In a further step (phase 2) a current/voltage source is again connected to the now short circuited capacitor and the crimping formed in phase 1 is burnt off by an electrical overload. By an appropriate adjusting of the ampere/volts ratio one surface of the capacitor, namely the thinner one, burns off in such a manner that the distance between the edge of the burnt out hole and the second surface of the capacitor corresponds just to the deactivatable distance.
A label prepared in such a manner can be deactivated at a desired moment by induction of an electric current in an already existing conventional deactivating station, thus producing a permanent conductive connection between the two surfaces of the capacitor.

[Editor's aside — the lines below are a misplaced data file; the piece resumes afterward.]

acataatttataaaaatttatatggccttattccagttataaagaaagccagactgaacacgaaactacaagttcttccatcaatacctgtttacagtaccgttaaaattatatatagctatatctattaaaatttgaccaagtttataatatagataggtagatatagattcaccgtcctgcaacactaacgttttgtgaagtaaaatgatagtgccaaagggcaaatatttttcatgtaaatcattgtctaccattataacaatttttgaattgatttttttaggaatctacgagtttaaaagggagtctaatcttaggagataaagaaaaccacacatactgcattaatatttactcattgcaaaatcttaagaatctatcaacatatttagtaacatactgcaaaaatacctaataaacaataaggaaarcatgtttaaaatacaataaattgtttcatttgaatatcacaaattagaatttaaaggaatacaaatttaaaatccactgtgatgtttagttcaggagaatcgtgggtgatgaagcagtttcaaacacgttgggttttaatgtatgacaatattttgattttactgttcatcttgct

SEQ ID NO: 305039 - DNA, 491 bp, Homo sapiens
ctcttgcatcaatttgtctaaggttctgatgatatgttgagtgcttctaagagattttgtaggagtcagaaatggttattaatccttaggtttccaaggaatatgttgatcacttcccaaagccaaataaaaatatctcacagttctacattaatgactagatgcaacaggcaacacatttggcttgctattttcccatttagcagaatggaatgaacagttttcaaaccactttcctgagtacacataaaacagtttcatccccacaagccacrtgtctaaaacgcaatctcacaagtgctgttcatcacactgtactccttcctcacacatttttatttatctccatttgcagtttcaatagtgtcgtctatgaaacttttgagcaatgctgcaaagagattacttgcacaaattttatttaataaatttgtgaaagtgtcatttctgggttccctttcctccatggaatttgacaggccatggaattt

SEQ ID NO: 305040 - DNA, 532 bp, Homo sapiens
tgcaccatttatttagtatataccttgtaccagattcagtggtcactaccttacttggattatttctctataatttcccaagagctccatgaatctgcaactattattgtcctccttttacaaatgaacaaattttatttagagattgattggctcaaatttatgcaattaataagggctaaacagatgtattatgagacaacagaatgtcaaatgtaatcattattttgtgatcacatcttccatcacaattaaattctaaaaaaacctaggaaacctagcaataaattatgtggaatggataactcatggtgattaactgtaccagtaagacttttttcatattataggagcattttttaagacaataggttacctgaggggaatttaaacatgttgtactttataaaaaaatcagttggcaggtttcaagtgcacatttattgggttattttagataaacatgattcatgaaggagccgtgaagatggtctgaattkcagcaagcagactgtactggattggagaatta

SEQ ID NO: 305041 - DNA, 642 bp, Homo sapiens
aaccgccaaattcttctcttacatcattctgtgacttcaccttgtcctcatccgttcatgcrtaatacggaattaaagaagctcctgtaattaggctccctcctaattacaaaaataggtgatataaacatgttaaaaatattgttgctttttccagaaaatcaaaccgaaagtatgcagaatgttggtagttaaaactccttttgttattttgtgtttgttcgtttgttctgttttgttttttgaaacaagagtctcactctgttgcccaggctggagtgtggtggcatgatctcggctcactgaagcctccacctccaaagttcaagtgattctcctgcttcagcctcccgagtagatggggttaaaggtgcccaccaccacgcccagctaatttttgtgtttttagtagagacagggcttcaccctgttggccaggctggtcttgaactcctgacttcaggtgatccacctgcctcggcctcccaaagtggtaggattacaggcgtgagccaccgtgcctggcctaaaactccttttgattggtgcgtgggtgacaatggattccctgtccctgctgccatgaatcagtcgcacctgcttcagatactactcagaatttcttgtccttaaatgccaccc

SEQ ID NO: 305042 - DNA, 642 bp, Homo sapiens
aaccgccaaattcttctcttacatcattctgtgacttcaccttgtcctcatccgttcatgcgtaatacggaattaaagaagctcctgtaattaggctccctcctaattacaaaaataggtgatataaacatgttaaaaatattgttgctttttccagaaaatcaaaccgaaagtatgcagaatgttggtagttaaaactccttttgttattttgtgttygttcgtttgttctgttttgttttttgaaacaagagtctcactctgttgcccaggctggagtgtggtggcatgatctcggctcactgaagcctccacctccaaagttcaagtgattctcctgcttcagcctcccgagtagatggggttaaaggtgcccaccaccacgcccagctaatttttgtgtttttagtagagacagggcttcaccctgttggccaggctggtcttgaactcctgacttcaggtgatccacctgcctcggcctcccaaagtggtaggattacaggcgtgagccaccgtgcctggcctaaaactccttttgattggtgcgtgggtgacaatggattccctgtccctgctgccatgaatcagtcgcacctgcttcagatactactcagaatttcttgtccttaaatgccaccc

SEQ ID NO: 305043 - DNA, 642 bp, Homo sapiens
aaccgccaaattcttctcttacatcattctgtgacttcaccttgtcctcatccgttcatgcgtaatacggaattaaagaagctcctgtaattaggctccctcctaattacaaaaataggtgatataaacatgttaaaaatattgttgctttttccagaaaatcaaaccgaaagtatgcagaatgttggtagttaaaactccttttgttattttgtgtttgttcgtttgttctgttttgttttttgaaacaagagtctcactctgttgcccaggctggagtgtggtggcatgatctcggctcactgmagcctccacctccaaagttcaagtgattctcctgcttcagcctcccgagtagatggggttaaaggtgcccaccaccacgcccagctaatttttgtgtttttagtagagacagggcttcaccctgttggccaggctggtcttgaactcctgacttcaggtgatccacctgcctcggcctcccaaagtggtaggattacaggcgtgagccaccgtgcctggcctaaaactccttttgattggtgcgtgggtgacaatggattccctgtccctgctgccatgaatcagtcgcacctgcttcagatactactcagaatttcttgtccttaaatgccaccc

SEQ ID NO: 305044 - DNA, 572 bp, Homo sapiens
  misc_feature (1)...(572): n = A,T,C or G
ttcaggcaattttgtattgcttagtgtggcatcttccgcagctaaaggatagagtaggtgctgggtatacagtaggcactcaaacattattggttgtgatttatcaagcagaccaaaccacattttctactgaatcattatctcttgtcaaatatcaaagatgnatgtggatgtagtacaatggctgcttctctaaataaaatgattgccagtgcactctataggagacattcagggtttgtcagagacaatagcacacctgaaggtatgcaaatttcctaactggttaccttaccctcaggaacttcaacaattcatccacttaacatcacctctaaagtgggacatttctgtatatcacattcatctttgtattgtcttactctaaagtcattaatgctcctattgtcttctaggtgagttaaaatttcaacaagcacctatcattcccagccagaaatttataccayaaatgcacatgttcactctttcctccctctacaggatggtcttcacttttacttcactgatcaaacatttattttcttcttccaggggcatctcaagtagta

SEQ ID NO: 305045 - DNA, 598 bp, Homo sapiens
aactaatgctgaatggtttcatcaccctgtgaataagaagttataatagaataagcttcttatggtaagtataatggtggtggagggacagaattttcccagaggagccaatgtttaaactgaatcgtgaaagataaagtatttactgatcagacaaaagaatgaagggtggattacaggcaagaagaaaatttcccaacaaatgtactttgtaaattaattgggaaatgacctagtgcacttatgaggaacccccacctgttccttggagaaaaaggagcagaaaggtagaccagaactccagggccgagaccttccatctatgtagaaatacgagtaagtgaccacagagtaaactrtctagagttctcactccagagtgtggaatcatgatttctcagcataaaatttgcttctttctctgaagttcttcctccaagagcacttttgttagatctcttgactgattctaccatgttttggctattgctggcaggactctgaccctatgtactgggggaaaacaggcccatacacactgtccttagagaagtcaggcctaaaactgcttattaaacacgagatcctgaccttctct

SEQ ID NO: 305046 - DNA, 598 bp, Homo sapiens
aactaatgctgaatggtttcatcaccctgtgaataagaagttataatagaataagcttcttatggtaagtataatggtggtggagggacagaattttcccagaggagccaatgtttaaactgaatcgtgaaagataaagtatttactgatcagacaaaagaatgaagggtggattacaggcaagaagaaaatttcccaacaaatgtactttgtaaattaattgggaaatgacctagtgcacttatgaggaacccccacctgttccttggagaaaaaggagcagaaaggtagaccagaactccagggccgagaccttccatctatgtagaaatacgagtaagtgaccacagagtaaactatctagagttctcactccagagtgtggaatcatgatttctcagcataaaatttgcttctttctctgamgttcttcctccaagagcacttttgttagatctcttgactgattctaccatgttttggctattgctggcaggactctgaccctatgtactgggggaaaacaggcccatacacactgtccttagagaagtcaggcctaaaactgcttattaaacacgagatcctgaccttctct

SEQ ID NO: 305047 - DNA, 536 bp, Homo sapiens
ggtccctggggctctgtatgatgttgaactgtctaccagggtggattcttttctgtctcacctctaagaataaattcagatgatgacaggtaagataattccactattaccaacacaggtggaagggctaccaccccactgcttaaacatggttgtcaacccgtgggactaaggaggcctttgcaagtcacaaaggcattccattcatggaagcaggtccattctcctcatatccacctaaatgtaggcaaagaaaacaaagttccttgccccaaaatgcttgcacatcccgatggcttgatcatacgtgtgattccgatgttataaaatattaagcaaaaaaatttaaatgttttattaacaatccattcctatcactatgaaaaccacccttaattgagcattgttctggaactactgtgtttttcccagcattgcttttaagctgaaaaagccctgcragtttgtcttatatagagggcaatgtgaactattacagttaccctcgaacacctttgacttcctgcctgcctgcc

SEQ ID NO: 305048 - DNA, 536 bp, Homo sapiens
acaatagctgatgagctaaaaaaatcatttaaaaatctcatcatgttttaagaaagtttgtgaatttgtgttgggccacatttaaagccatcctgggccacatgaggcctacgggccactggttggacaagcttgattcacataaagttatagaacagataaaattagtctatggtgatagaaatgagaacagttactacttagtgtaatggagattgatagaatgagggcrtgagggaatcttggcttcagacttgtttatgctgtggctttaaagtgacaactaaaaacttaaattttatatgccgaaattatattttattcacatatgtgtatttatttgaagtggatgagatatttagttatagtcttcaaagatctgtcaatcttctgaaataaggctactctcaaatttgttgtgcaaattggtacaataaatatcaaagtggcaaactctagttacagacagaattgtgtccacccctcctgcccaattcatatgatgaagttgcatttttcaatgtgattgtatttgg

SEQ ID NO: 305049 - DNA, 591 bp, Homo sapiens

Yet a further object is to provide a method in which the flow of the current obtained during the preparation of the label is simultaneously used to control a device which drives said pressing rod.
A further object is to provide a method in which the rod used in preparing the label is generally heated up to a temperature of about 300° C. to 500° C. The power source used to ascertain the contact between the two surfaces of the capacitor supplies preferably a current of about 50-100 milliamperes and a voltage of about 1 to 2 volts.
Still a further object is to provide a method in which an oscillating circuit is used of which the dielectric is formed by a plastic foil having excellent electrical properties, e.g. polyethylene of a thickness of 20μ.